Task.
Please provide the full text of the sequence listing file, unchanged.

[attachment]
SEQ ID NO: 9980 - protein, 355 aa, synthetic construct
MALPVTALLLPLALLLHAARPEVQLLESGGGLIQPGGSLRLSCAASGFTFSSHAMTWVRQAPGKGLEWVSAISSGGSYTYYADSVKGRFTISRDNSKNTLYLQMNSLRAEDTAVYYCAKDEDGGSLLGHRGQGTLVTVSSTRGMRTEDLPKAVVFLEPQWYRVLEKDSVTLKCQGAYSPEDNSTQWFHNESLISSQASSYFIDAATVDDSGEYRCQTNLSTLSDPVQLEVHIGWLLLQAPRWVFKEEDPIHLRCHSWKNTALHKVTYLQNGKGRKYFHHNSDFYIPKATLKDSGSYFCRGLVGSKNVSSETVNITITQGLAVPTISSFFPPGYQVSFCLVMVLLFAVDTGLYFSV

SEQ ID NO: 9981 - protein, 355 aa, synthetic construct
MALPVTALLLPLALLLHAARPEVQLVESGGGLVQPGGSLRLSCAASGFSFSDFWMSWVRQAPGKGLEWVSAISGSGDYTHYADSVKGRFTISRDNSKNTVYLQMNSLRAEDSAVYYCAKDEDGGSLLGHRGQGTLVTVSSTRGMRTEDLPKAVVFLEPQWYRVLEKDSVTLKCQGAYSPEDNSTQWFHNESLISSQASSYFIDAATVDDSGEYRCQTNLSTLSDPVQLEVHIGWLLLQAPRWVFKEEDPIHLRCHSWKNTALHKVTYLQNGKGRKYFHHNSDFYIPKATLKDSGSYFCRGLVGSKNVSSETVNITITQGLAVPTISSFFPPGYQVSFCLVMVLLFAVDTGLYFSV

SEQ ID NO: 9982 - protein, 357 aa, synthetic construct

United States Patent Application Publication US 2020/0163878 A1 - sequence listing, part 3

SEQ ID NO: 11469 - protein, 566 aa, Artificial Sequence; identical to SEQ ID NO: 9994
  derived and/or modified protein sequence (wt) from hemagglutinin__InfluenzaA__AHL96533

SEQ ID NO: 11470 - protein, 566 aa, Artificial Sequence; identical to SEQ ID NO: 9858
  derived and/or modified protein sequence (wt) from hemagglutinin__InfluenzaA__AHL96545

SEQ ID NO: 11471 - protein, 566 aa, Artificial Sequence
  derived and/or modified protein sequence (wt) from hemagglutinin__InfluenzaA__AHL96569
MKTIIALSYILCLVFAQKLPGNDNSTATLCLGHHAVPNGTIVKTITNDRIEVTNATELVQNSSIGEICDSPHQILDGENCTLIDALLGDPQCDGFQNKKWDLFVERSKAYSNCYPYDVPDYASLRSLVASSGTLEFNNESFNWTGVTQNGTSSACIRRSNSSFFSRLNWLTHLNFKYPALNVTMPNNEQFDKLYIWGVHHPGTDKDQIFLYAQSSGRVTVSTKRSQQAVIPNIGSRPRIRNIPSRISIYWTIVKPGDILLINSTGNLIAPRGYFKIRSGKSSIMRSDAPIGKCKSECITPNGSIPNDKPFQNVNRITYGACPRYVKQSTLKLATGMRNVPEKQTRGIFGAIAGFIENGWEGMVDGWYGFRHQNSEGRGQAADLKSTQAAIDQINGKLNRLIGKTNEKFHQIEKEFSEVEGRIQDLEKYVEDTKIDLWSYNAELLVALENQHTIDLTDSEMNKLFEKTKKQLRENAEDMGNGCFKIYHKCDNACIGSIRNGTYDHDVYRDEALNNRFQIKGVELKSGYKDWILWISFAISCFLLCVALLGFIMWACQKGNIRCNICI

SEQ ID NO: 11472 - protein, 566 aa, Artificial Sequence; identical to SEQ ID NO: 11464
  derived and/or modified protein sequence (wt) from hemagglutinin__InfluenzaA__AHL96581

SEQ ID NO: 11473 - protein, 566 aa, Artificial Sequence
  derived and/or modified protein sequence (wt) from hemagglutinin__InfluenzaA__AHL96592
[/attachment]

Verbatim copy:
SEQ ID NO: 9980 - protein, 355 aa, synthetic construct
MALPVTALLLPLALLLHAARPEVQLLESGGGLIQPGGSLRLSCAASGFTFSSHAMTWVRQAPGKGLEWVSAISSGGSYTYYADSVKGRFTISRDNSKNTLYLQMNSLRAEDTAVYYCAKDEDGGSLLGHRGQGTLVTVSSTRGMRTEDLPKAVVFLEPQWYRVLEKDSVTLKCQGAYSPEDNSTQWFHNESLISSQASSYFIDAATVDDSGEYRCQTNLSTLSDPVQLEVHIGWLLLQAPRWVFKEEDPIHLRCHSWKNTALHKVTYLQNGKGRKYFHHNSDFYIPKATLKDSGSYFCRGLVGSKNVSSETVNITITQGLAVPTISSFFPPGYQVSFCLVMVLLFAVDTGLYFSV

SEQ ID NO: 9981 - protein, 355 aa, synthetic construct
MALPVTALLLPLALLLHAARPEVQLVESGGGLVQPGGSLRLSCAASGFSFSDFWMSWVRQAPGKGLEWVSAISGSGDYTHYADSVKGRFTISRDNSKNTVYLQMNSLRAEDSAVYYCAKDEDGGSLLGHRGQGTLVTVSSTRGMRTEDLPKAVVFLEPQWYRVLEKDSVTLKCQGAYSPEDNSTQWFHNESLISSQASSYFIDAATVDDSGEYRCQTNLSTLSDPVQLEVHIGWLLLQAPRWVFKEEDPIHLRCHSWKNTALHKVTYLQNGKGRKYFHHNSDFYIPKATLKDSGSYFCRGLVGSKNVSSETVNITITQGLAVPTISSFFPPGYQVSFCLVMVLLFAVDTGLYFSV

SEQ ID NO: 9982 - protein, 357 aa, synthetic construct

United States Patent Application Publication US 2020/0163878 A1 - sequence listing, part 3

SEQ ID NO: 11469 - protein, 566 aa, Artificial Sequence; identical to SEQ ID NO: 9994
  derived and/or modified protein sequence (wt) from hemagglutinin__InfluenzaA__AHL96533

SEQ ID NO: 11470 - protein, 566 aa, Artificial Sequence; identical to SEQ ID NO: 9858
  derived and/or modified protein sequence (wt) from hemagglutinin__InfluenzaA__AHL96545

SEQ ID NO: 11471 - protein, 566 aa, Artificial Sequence
  derived and/or modified protein sequence (wt) from hemagglutinin__InfluenzaA__AHL96569
MKTIIALSYILCLVFAQKLPGNDNSTATLCLGHHAVPNGTIVKTITNDRIEVTNATELVQNSSIGEICDSPHQILDGENCTLIDALLGDPQCDGFQNKKWDLFVERSKAYSNCYPYDVPDYASLRSLVASSGTLEFNNESFNWTGVTQNGTSSACIRRSNSSFFSRLNWLTHLNFKYPALNVTMPNNEQFDKLYIWGVHHPGTDKDQIFLYAQSSGRVTVSTKRSQQAVIPNIGSRPRIRNIPSRISIYWTIVKPGDILLINSTGNLIAPRGYFKIRSGKSSIMRSDAPIGKCKSECITPNGSIPNDKPFQNVNRITYGACPRYVKQSTLKLATGMRNVPEKQTRGIFGAIAGFIENGWEGMVDGWYGFRHQNSEGRGQAADLKSTQAAIDQINGKLNRLIGKTNEKFHQIEKEFSEVEGRIQDLEKYVEDTKIDLWSYNAELLVALENQHTIDLTDSEMNKLFEKTKKQLRENAEDMGNGCFKIYHKCDNACIGSIRNGTYDHDVYRDEALNNRFQIKGVELKSGYKDWILWISFAISCFLLCVALLGFIMWACQKGNIRCNICI

SEQ ID NO: 11472 - protein, 566 aa, Artificial Sequence; identical to SEQ ID NO: 11464
  derived and/or modified protein sequence (wt) from hemagglutinin__InfluenzaA__AHL96581

SEQ ID NO: 11473 - protein, 566 aa, Artificial Sequence
  derived and/or modified protein sequence (wt) from hemagglutinin__InfluenzaA__AHL96592